Today we offer a sermon from Saint Bernard of Clairvaux. The citation is found at the end of the essay. I have been praying in each rosary for all of you who have so kind as to read these poor posts (and reposts!) and have been patient with me as I struggle to rebuild the site. This work is all I have to offer you and I wish it could me more! God Bless you all and grant you a very blessed Christmas !
On the Miraculous Nature of the Nativity
A Sermon for the Eve of the Nativity
The custom of our Order does not demand a sermon to-day; but as tomorrow we shall be engaged longer than usual in the celebration of the Masses, and the short remaining time will not allow of a long sermon, I thought it would not be out of place to prepare your hearts to-day for so great a festival. It is the more permissible as the mystery of this day is so profound and so incomprehensible.
It is a fountain of life whose waters can never be exhausted—waters that flow the more plentifully the more freely they are drawn. I know, too, how great are your sufferings and tribulations for Christ’s sake, and glad should I be that your comfort might also abound through Him.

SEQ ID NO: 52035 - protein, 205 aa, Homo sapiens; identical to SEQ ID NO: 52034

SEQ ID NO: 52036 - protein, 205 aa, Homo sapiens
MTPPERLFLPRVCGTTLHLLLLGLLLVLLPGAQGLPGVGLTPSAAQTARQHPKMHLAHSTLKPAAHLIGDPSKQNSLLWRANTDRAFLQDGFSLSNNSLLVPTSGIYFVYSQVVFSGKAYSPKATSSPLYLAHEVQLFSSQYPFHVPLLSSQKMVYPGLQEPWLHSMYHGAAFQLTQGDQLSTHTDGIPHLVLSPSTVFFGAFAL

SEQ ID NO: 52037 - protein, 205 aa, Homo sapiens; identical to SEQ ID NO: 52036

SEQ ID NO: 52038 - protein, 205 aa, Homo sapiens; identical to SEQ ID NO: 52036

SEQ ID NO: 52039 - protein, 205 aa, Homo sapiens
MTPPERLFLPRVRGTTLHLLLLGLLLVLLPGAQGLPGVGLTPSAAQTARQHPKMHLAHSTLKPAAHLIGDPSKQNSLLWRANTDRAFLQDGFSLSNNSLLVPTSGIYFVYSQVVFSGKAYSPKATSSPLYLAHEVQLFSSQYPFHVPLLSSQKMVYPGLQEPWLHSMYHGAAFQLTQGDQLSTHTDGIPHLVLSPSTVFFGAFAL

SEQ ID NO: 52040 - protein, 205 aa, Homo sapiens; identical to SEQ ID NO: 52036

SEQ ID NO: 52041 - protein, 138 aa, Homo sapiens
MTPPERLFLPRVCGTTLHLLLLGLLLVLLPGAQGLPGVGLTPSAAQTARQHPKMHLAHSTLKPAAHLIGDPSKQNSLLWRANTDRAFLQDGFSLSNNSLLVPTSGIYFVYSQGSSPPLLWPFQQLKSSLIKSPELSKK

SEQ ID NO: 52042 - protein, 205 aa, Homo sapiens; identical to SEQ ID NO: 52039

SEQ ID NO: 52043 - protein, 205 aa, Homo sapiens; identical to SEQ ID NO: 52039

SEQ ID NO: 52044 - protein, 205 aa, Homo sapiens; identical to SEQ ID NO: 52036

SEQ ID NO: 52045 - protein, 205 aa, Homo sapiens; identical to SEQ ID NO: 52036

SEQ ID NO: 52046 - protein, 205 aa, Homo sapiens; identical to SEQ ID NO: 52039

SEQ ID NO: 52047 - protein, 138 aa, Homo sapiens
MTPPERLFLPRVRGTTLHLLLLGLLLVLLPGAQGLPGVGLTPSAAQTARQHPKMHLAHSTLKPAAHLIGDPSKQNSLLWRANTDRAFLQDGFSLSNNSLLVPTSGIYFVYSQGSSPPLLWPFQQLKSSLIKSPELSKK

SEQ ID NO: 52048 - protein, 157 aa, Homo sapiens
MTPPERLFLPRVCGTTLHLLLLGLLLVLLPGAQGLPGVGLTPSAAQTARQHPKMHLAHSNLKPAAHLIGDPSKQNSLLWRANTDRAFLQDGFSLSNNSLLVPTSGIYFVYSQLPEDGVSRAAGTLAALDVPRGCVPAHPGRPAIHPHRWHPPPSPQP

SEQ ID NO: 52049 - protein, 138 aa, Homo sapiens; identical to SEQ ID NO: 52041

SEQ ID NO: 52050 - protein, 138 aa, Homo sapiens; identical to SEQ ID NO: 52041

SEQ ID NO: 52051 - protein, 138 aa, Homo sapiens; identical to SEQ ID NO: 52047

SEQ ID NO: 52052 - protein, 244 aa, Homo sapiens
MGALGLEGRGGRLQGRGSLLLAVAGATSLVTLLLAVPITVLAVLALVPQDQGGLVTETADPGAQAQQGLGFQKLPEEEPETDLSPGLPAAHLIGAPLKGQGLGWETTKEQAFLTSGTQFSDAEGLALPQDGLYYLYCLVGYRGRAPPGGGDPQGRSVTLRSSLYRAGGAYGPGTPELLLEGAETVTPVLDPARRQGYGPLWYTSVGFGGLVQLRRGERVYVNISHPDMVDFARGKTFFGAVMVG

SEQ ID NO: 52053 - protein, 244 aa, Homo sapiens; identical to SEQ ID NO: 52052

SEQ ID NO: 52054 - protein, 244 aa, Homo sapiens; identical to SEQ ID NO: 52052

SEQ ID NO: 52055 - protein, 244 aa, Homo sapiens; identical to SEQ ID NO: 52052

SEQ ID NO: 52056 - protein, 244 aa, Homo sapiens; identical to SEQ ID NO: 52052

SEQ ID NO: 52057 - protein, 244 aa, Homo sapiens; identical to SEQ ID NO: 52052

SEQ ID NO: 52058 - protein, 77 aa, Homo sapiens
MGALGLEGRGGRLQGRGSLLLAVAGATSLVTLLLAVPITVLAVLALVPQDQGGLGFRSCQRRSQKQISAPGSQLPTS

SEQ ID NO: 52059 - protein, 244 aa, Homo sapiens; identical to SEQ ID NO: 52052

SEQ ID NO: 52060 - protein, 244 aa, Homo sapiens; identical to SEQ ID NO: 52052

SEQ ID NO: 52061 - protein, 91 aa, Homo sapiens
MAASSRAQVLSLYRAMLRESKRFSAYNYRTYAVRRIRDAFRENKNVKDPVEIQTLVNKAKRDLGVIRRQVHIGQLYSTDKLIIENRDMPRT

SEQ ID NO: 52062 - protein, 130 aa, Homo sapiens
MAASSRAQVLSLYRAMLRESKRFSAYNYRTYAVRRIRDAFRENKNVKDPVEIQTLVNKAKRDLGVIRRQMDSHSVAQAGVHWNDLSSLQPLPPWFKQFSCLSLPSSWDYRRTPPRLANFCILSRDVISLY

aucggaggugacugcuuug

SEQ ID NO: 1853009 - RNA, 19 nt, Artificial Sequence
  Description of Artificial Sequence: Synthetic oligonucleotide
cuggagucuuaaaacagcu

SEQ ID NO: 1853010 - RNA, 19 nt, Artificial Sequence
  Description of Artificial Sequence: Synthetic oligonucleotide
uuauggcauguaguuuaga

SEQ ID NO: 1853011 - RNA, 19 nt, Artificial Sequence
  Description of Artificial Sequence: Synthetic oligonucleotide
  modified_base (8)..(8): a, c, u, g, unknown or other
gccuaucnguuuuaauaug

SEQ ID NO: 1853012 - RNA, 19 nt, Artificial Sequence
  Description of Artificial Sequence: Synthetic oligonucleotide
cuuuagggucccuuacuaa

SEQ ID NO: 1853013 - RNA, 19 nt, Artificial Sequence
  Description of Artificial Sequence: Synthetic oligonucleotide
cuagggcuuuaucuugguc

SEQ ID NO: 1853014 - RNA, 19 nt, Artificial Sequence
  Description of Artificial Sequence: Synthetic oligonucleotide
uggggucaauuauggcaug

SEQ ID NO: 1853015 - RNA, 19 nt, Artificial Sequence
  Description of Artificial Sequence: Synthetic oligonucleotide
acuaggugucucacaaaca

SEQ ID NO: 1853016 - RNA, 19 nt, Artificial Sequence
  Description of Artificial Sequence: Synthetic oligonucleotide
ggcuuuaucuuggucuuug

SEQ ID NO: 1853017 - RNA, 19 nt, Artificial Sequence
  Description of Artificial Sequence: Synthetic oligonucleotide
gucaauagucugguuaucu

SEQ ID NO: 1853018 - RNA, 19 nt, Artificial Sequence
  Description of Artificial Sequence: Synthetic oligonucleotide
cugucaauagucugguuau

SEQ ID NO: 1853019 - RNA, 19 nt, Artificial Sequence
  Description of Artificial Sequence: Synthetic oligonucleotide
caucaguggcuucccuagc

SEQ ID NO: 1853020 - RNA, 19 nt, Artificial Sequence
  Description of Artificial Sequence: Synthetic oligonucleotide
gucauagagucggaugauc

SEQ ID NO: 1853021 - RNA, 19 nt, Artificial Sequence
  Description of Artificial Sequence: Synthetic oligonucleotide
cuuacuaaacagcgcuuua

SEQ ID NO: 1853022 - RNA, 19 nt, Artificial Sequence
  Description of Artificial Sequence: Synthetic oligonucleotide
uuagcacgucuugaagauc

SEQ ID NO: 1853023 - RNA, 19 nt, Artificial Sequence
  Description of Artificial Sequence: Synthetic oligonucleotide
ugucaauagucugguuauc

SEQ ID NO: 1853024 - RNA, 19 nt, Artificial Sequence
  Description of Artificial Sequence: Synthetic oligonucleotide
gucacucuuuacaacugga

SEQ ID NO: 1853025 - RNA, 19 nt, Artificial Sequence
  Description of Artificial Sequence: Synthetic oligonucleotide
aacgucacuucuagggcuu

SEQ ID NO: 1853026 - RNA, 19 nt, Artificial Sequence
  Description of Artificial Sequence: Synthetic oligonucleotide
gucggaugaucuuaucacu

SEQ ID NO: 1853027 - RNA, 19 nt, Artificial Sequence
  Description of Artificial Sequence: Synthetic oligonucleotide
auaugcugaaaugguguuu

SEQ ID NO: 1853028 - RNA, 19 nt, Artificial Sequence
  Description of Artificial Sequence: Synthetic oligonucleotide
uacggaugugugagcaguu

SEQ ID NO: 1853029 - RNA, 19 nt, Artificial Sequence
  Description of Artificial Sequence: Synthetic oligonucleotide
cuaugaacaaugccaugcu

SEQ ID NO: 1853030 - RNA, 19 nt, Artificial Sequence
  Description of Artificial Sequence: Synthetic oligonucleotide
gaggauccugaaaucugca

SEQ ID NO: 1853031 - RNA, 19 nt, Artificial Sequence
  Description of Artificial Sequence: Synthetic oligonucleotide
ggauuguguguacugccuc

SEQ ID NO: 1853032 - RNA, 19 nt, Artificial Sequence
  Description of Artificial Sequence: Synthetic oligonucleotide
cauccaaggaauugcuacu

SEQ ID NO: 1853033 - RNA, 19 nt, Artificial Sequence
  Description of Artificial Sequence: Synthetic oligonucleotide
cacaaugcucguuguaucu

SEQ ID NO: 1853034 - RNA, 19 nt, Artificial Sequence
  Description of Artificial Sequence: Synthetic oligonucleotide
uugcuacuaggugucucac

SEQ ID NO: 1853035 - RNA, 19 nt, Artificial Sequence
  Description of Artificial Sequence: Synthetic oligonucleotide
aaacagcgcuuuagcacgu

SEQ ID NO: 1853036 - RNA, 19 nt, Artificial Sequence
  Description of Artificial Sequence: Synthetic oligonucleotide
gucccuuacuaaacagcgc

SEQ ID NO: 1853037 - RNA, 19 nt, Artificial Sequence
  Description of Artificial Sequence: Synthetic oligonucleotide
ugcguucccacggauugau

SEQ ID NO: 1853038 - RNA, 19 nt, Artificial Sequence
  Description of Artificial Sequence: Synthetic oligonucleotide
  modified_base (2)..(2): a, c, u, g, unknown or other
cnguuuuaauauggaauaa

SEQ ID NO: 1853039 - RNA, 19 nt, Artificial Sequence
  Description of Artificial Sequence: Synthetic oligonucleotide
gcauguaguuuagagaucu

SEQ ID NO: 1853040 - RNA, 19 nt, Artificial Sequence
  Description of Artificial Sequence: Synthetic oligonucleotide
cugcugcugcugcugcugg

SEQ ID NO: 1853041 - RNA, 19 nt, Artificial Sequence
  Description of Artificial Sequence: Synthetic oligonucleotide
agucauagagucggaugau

Worldly consolation is what I am neither willing nor permitted to offer. Such a consolation is both useless and valueless—yea, it is a thing to be dreaded, for it is a true hindrance to the consolation which is from heaven. For this reason He Who is the delight and glory of the angels is become the salvation and the consolation of all who suffer.
He Who is glorious and transcendent in His own city, and beatifies its citizens by His presence, became little and humble, when in exile, that He might rejoice the exiles. He Who in the highest heavens is the glory of the Father became, as a Child on earth, “peace to men of good will.” A Little One is given to little ones, that the Great One may be given to the great, and that those whom the Little One justifies, the Great and Mighty One may afterwards magnify and render glorious.
Hence, without doubt, St. Paul, the vessel of election, pours out to us the treasures which he had received from the fullness of this Child. For Christ, though a Child, is full of grace and truth. “In Him dwelleth all the fullness of the Godhead corporally.” Hence, I repeat, St. Paul utters that good word which you have heard so often during these past days: “Rejoice in the Lord always: again I say, Rejoice.”